The Old City neighborhood was buzzing with anticipation 20 years ago this month. Philly performers and directors had invaded its empty spaces -- vacant buildings were plentiful, unlike now -- and they were going to put on a show. About 80 shows, in fact. This festival of unusual work was a free-for-all. If you wanted to put on a show and could find a space and (maybe) lighting and sound, join the fray.

Over the next two decades the arts festival, whose 20th version begins Friday with 55 performances and two art exhibits on opening day alone, came to be called the Philly Fringe. It blossomed. The annual festival, modeled after the huge one in Edinburgh, Scotland, marks the end of summer and is now hardly an event on the fringe. It's a solid part of Philadelphia's cultural life, with 65 major sponsors. 

While it still offers people in odd spaces doing weird things, it also has people in traditional venues doing weird things. Plus not so weird. You'll find a production of Eugène Ionesco's "The Chairs," and you'll also find "Macbeth" – a co-presentation with Opera Philadelphia, set in the Democratic Republic of Congo. You can see John Patrick Shanley's popular play "Doubt." And you can witness a dance as unusual as "Levée Des Confits" a co-presentation with Drexel University in which two-dozen dancers from all over Europe morph from everyday gestures into complicated ones that dissolve and transform.

The artists come from here and all over in a festival coordinated by FringeArts in its own venue at the Delaware River. Some of it (14 shows and one exhibition) is curated by FringeArts -- those selections are heavy with dance this time around. The bulk of it (167 shows) is still a free-for-all that anyone can join. Most of the shows are in and around Center City, but the Philly Fringe also occupies spaces in Chester (two shows) and Bryn Mawr (one show).

You don't even have to go to the theater or pay for tickets to be part of the Fringe. Last year, FringeArts made headway with a free digital part of the festival – anyone can watch the digital shows on any device that connects to the Internet. This year, the Digital Fringe, as it's called, offers 24 of them. Most go live when the festival opens Sept. 9.

That night – and every night at 10 during the festival – the Fringe becomes a scene when actors, directors, designers and audiences mingle at the FringeArts building and its inside and outside bars, at Race Street and Columbus Boulevard. The late-night parties are programmed with DJs, cabaret and other live music. You pay for whatever you drink, but the entertainment's free.

The festival runs 16 days -- the first Fringe was a five-day affair -- and even after it's over, FringeArts continues to program inside its own theater through the year, a dream that leader Nick Stuccio has realized and an answer to a recurring question from audiences over the years: Why is this thing limited to a couple weeks each year?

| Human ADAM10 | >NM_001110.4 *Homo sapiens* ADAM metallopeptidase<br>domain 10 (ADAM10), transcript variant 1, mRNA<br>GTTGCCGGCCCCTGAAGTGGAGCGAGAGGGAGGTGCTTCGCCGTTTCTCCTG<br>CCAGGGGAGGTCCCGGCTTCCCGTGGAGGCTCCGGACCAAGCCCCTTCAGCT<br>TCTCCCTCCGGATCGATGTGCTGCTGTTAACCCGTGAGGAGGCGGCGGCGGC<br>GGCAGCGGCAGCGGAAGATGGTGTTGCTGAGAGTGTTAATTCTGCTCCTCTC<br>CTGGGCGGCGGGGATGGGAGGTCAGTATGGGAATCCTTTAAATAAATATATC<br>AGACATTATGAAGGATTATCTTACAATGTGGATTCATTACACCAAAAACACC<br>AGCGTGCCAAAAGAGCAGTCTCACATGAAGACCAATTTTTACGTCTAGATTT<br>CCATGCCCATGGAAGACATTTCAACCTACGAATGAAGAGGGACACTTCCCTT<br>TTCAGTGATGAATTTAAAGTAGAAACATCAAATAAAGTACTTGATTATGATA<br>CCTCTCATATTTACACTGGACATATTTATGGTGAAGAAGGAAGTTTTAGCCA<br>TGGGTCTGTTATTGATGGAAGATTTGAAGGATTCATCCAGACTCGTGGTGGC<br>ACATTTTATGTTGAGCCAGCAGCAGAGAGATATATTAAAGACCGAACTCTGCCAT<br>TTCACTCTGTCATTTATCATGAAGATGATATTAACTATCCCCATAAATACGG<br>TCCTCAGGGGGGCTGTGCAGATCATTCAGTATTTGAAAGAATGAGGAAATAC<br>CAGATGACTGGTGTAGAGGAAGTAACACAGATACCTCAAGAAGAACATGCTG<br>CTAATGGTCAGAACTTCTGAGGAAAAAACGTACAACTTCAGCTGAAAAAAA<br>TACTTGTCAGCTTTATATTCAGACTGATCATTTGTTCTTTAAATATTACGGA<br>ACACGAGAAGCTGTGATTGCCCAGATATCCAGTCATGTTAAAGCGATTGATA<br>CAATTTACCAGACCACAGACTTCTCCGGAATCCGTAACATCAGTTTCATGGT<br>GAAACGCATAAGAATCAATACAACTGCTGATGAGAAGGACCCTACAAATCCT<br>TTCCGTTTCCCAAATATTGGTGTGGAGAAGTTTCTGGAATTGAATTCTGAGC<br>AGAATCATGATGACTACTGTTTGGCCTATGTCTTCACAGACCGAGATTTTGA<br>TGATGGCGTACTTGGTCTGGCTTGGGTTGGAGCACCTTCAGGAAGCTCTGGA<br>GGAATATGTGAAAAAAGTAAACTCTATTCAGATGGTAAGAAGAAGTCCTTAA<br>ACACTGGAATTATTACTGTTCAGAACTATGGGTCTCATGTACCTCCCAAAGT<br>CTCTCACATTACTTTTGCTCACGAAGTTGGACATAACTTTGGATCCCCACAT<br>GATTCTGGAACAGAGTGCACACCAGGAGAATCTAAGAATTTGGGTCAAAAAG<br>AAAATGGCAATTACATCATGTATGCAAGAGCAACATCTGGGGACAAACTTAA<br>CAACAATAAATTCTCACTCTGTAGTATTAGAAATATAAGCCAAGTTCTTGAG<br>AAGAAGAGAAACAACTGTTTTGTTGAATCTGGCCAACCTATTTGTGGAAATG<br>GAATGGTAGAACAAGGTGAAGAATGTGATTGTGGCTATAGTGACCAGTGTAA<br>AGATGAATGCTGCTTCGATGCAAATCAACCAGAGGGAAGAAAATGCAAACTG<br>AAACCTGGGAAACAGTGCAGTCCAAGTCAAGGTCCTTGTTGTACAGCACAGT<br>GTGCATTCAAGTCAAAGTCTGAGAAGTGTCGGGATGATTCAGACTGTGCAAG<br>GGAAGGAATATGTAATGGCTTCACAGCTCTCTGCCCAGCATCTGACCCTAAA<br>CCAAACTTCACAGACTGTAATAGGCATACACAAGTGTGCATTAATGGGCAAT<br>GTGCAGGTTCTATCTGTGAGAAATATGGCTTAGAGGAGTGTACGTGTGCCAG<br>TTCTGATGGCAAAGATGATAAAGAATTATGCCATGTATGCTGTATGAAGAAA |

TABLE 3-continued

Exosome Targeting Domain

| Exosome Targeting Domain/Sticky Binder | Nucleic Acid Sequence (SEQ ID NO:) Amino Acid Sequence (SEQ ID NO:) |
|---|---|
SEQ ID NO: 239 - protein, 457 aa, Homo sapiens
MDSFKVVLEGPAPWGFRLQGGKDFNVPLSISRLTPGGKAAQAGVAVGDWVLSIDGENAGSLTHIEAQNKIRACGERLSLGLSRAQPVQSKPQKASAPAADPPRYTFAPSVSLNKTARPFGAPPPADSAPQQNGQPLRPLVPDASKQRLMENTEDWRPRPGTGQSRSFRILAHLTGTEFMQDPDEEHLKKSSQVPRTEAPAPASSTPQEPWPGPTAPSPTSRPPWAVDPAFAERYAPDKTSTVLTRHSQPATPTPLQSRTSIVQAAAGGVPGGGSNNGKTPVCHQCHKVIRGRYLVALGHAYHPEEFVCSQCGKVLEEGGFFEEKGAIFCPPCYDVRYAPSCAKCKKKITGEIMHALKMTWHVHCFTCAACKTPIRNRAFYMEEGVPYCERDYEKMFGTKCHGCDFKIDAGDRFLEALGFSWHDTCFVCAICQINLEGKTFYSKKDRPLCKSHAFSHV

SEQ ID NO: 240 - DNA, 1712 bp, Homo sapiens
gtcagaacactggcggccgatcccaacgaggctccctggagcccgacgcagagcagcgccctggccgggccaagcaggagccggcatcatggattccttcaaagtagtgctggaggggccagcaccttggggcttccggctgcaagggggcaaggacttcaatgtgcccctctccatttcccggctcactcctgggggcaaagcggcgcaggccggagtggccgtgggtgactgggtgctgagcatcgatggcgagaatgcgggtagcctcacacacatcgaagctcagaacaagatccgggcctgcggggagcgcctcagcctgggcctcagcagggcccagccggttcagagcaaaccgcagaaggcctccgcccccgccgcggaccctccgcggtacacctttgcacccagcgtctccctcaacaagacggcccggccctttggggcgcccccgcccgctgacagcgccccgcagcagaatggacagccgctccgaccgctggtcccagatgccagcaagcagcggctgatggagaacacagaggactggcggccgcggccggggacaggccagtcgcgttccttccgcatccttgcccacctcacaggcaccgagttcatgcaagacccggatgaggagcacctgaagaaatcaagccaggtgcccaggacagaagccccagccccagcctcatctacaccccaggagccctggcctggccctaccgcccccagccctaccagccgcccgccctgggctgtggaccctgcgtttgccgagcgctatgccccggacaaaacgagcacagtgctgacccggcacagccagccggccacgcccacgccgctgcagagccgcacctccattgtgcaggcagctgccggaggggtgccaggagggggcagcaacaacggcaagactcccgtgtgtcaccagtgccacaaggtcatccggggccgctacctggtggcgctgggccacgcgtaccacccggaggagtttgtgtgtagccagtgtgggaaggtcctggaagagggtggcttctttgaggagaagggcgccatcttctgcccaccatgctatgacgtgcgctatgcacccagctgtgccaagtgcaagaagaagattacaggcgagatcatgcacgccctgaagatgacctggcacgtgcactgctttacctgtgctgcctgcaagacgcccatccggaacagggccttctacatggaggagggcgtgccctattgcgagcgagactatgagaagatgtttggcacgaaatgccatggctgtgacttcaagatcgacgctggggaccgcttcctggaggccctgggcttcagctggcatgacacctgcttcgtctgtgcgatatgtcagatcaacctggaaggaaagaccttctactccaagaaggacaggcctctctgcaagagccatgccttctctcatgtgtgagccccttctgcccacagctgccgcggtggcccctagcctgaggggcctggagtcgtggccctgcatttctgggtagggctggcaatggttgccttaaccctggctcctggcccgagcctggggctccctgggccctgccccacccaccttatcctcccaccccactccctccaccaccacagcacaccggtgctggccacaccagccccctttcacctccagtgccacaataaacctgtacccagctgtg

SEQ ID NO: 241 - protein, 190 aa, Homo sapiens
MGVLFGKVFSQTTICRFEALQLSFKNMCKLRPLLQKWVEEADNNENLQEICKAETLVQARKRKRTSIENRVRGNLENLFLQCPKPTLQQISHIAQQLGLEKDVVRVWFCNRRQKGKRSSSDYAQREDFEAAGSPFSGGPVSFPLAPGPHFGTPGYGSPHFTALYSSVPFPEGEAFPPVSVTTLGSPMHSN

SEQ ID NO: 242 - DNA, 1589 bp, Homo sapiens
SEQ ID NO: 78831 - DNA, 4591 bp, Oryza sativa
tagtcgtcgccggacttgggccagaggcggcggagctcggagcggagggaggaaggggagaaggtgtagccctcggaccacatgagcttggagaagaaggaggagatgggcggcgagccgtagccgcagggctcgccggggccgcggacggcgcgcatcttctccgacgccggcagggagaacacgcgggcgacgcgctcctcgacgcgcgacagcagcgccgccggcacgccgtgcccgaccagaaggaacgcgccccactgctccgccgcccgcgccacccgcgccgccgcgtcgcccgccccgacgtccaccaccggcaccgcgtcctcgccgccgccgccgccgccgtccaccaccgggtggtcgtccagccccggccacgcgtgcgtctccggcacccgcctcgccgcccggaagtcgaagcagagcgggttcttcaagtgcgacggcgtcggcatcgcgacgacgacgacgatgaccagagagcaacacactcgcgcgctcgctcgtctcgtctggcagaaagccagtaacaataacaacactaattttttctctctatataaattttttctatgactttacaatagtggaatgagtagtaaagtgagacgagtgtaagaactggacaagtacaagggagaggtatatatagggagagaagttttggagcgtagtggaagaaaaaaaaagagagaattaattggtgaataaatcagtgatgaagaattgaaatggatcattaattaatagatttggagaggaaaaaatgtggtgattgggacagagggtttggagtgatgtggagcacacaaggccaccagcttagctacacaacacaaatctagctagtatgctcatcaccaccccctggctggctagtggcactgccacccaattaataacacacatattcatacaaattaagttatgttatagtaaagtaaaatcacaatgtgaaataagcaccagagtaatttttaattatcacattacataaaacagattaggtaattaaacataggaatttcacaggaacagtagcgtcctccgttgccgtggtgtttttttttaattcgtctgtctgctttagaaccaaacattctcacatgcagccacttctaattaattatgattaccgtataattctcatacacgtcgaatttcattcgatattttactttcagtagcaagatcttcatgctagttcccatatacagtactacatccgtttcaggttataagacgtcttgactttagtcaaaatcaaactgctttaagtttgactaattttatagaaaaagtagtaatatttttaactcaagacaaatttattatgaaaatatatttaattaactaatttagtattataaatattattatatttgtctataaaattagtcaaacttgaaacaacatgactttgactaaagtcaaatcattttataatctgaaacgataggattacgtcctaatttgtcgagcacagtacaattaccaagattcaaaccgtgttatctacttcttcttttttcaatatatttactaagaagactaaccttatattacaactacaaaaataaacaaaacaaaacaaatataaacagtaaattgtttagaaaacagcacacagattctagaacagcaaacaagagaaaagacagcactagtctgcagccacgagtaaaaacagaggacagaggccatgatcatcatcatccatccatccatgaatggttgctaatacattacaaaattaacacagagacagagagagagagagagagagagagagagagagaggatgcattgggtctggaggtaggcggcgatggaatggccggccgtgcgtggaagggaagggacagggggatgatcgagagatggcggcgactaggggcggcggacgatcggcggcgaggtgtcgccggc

While that's no longer the case, there's nothing quite like the festival, with so many shows in so many places it's as if the town is one big stage ready for, as Stuccio calls it, innovators who create "in many ways that make us look at the world anew, that make us re-examine what art is and what it means, and where it might go tomorrow." These, he says, are adventurous people – and it's a given that Fringe-goers are the same.

Here, in no particular order, is a sampling of shows in the festival. Some run throughout the 16 days, others only for a night. Of course, I can't vouch for them – they haven't yet been performed here. The shows curated by FringeArts are noted; all others are part of the general Fringe Festival. Click on the title of any show to go directly to the FringeArts site for that show, for more information.

For a full festival schedule on the Web, go to www.fringearts.com.

NOTES OF A NATIVE SONG. The first curated show to open – on Sept. 8, a night before the official festival begins – is a collaboration between Obie Award-winning Heidi Rodewald and the Tony Award-winning songwriter and performer called Stew, whose "Passing Strange" played on Broadway a few seasons back. Both are among the performers in this "concert novel," which bills itself as a "high-energy blast of music, video and spoken word" that celebrates James Baldwin's work and legacy.

CITIZEN, Reggie Wilson's dance that considers the experience of being a citizen and belonging, officially opens the festival Sept. 9. The African Diaspora is a major focus of work by Wilson, whose dance this time around explores political and personal identity. This curated show is his third in the Philly Fringe.

THE ELEMENTARY SPACETIME SHOW is about a girl who attempts suicide but can't quite die because she wakes up in a vaudevillian game show that she must win in order to die. Even so, it's billed as up-tempo musical theater. The curated show is super-fringe high-concept, written and composed by César Alvarez, an artist-in-residence at the University of the Arts.

THE CHAIRS. It's not everyday you get to see a production by Eugène Ionesco, and Philadelphia's Idiopathic Ridiculopathy Consortium has come to specialize in the absurdist playwright's work, an easy fit for a Fringe festival. This 1952 play – considered one of his best – starts off with a man and woman and expands to more characters (sort of), all moving into lots of chairs. But it's much more than that.